Follow the Leader … well, not so fast

By | February 7, 2019

[February 7, 2019]  I had only been command of my new Infantry Company for a little over a month but my boss (the Battalion Commander) already didn’t like me.  He said I was “too bold.”  One day we were to convoy back to Fort Hood, Texas from a local training area.  My company was last (eat me dust) in line.  I noticed that all the units took a turn onto the local highway going the wrong way.  The question in my mind was, should I follow the leader or should I follow the correct route.

Often, it is easy to follow the leader because they are good at what they do, they are correct legally, ethically, and morally, they have extensive experience, and it is the right thing to do.  Real life, however, doesn’t always present us with easy choices.  That is why leadership is the grease that helps the gears of leadership keep turning.  That “grease” is good decision making; even when the choices are not always that clear.

Follow the leader is also a kids’ game.  Yet, it teaches us some useful skills in listening carefully, asking questions, and the advantages of being a good follower.  Such basic pre-adult skills translate into a better grown-up later in life when challenges present themselves unexpectedly.    We also learn, through a series of hard knocks, that it’s not always a constructive idea to blindly follow just any leader.

It is said that to be a good leader, one must also know how to be a good follower.  And while that is surely true, this is only the case when a person can accurately judge the actions of the leaders we follow.  The quality to properly judge is necessary for personal growth and future happiness.  Only those who follow with loyalty, honor, and integrity can become a true leader.  For instance, we would not want to follow a leader who has done things that are evil.  Hitler, Stalin, Mao, Pol Pot, and a string of others like them go to illustrate my point.

On that day, decades ago as a junior officer, as my Infantry unit was to travel back to our base, I made a choice.  I chose to ignore the rest of my battalion (which had gone the wrong way).  In the lead vehicle, I had my unit follow me.  My soldiers were the first to make a Battalion Refuel Point and the first to get home.  Of course, I was admonished for not following the Battalion in the wrong direction.  But because our published Operations Order had the proper route that I followed, I was let off the hook and my soldiers loved it.

There are gray areas in leadership and there are times when a decision must be made with little time and under stress.  It is best to have the relevant experiences to make proper judgments.  That day, I made the right choice and confirmed a valuable lesson in leadership.

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Author: Douglas R. Satterfield

Hello. I'm Doug and I provide at least one article everyday on some leadership topic. I welcome comments and also guests who would like to write an article. Thanks for reading my blog.

20 thoughts on “Follow the Leader … well, not so fast

  1. Anita

    I agree that we should use good judgment and the help of others in our quest for better leadership skills. What we should also be doing is improving our own abilities so that we can: 1) recognize evil and problems when we see it and 2) study solutions.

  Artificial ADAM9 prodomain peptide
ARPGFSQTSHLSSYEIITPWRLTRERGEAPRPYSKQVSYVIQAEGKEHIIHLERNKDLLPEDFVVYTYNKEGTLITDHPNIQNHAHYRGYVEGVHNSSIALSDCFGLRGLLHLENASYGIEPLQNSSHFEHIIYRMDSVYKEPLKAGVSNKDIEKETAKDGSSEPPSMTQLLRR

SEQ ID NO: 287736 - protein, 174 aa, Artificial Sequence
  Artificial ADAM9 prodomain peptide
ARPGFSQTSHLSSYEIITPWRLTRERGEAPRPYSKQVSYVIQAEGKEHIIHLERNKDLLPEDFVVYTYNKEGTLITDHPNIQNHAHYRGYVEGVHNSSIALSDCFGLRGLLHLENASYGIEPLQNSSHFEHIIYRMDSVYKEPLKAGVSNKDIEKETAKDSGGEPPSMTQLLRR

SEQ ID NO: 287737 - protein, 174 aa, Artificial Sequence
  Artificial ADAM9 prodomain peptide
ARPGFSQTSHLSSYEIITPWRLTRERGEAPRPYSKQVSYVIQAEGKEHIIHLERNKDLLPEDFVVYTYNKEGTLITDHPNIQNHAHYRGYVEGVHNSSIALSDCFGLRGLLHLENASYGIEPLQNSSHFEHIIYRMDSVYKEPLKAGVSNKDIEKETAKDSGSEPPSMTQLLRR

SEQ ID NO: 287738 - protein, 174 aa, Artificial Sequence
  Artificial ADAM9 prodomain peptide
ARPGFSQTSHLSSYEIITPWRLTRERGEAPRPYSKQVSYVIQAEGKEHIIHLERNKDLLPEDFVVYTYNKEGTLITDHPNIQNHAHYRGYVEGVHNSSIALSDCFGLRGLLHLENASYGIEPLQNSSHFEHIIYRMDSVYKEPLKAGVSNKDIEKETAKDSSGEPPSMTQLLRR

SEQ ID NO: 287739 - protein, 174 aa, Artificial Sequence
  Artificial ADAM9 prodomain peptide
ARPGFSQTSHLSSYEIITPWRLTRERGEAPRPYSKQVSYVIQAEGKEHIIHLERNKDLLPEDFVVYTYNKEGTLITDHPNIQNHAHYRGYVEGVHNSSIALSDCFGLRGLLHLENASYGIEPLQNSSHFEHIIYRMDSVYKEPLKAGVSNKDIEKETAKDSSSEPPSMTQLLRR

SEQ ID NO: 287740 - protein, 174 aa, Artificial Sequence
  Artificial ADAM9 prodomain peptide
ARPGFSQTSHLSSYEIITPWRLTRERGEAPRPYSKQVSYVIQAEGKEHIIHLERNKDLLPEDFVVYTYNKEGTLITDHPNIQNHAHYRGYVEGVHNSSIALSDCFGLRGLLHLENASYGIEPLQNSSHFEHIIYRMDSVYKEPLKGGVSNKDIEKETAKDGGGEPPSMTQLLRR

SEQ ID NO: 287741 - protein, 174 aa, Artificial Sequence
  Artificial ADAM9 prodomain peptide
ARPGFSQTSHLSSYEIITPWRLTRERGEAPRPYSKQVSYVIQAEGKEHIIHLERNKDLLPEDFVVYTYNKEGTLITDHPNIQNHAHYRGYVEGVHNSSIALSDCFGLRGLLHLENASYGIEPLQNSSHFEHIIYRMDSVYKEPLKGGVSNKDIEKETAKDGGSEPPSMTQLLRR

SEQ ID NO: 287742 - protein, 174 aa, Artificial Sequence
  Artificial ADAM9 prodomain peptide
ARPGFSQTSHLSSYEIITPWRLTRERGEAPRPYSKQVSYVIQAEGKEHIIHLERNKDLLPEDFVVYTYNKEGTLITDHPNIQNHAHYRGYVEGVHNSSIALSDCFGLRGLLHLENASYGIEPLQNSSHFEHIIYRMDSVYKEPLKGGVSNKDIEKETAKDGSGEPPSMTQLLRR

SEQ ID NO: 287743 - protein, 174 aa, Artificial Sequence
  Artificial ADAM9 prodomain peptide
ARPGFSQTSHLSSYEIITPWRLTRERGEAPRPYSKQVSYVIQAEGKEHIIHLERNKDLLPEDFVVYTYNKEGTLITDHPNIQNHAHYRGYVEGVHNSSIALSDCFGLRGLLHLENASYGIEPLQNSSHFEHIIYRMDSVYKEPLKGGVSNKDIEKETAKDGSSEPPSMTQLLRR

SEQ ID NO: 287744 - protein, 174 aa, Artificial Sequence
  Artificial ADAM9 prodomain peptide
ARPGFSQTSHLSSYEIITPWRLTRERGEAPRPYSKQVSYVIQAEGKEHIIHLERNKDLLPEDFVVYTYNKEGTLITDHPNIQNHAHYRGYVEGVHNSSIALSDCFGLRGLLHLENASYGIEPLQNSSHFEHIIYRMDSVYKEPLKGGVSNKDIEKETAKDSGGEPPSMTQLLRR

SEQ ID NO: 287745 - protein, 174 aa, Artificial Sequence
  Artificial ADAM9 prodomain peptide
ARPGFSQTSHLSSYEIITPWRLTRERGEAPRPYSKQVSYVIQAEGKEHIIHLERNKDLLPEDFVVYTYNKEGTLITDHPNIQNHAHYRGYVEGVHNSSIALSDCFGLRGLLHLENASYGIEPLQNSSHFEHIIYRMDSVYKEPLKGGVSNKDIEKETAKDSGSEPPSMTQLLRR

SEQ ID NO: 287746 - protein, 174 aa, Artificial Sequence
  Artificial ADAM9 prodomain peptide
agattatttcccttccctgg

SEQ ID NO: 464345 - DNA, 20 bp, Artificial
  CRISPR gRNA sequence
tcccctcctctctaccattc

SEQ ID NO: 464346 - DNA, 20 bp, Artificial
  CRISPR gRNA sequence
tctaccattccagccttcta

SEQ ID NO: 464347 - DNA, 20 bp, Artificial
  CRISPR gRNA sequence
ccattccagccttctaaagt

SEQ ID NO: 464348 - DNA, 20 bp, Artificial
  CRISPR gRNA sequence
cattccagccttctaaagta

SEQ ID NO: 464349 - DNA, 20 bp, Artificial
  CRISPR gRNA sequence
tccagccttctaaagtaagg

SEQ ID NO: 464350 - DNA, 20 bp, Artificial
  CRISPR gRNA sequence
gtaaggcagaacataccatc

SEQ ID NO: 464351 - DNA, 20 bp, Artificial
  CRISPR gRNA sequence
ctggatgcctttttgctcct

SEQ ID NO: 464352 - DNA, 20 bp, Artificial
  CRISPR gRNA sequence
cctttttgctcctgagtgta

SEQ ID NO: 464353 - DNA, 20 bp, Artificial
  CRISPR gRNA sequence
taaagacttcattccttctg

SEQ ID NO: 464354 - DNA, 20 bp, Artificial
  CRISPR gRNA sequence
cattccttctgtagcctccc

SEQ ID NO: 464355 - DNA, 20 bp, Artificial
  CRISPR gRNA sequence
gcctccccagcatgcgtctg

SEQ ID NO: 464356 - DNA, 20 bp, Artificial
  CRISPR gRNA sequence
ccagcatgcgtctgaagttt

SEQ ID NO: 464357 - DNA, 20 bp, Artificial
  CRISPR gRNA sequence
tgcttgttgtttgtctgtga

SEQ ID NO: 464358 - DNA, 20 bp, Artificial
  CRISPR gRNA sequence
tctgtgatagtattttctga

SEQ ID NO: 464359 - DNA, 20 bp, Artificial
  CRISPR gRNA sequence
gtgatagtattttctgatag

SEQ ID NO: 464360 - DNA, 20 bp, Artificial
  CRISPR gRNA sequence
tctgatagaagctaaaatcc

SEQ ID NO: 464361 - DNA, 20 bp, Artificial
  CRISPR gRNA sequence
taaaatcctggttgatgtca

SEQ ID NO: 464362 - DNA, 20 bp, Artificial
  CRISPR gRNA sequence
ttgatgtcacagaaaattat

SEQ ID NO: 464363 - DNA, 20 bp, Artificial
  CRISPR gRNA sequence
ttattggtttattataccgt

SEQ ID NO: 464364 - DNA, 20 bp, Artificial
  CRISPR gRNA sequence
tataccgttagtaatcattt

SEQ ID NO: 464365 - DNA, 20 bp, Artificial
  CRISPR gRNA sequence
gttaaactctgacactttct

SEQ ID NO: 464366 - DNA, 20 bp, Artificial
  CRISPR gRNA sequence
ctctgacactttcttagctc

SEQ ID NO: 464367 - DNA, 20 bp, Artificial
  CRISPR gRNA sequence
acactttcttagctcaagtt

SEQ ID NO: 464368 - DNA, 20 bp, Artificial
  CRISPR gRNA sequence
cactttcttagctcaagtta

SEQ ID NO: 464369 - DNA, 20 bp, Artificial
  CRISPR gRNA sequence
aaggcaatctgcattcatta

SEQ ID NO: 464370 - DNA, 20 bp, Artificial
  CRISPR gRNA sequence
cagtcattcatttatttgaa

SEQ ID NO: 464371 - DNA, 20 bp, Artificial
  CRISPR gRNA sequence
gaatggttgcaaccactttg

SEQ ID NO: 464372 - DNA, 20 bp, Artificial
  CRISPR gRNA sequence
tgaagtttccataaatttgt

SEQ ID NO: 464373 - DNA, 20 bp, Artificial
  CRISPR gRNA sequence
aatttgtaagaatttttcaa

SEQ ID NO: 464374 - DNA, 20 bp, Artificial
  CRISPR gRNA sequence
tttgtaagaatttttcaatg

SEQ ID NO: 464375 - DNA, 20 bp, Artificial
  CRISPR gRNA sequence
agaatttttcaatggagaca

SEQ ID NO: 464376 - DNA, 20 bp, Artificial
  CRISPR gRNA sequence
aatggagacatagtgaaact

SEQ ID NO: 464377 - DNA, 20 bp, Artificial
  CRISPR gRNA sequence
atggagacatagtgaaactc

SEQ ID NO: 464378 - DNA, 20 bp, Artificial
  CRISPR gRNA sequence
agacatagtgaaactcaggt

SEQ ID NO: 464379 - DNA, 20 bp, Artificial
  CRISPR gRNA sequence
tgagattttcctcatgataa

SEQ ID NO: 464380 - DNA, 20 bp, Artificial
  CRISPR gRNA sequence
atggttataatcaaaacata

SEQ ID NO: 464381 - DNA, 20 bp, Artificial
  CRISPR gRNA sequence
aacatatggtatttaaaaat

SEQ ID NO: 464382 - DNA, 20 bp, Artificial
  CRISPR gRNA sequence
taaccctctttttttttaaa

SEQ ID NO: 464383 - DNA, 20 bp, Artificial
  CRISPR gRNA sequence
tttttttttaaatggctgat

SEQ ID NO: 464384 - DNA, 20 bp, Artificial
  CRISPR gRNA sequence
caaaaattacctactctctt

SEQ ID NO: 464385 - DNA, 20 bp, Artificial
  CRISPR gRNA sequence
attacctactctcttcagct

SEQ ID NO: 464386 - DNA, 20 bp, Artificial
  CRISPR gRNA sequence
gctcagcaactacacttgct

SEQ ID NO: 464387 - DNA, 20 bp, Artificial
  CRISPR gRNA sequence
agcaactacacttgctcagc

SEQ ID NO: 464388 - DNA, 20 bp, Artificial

Reply
  2. Albert Ayer

    Thank you Georgie. I read them and they were okay. I liked Gen. Satterfield’s blog post better.

    Reply
  3. Maureen S. Sullivan

    How do you know if you’re dealing with someone who is truly evil?

    Reply
    1. Mr. T.J. Asper

      Evil people will not accept responsibility for their actions. They lack empathy and enjoy manipulating others. They blame everyone for their failures. They often have an exaggerated self image of themselves. They pretend to be good and altruistic, but it’s all about appearances for them.

      Reply
      1. Andrew Dooley

        They also torture and kill people. Just look at the evil dictators of the Twentieth Century or those throughout history.

        Reply
  4. Lynn Pitts

    Evil people are controlling. They’re liars.
    They delight in misfortune. They make you feel weird on the inside.
    You know the worst part about it all?
    They aren’t ever sorry for the things they do and the way they make you feel. Evil people truly have no remorse.
    If you press them on the fact that they’re unapologetic for their malevolent behavior, they’ll deflect, push it off onto you, and gaslight you into thinking the reality you know to be true isn’t actually true.
    In reality, all they want to do is maintain their current quality of life by controlling you, and an apology would indicate fallibility.
    The evil ones in our world want you to see perfection to keep you wrapped around their fingers.

    Reply
    1. Doug Smith

      Evil can be defined, but it’s hard to pin down. Simply put: an evil person is someone who engages in malevolent behaviors.

      Reply
  5. Janna Faulkner

    I love your stories that tie into lessons on life and leadership. Thank you!

    Reply
  6. Army Captain

    Another well constructed article on the very things we need to be careful on.

    Reply
    1. Len Jakosky

      Yes, I agree with you Army Captain. Good judgment and great care should always be taken to avoid evil.

      Reply
  7. Eddie Ray Anderson,

    Yes, we all need to be on the lookout for unethical leaders who will drag us into evil.

    Reply
    1. Martin Shiell

      Evil is often unseen to the average person. That is why we should forever be in a group of people who can help us.

      Reply

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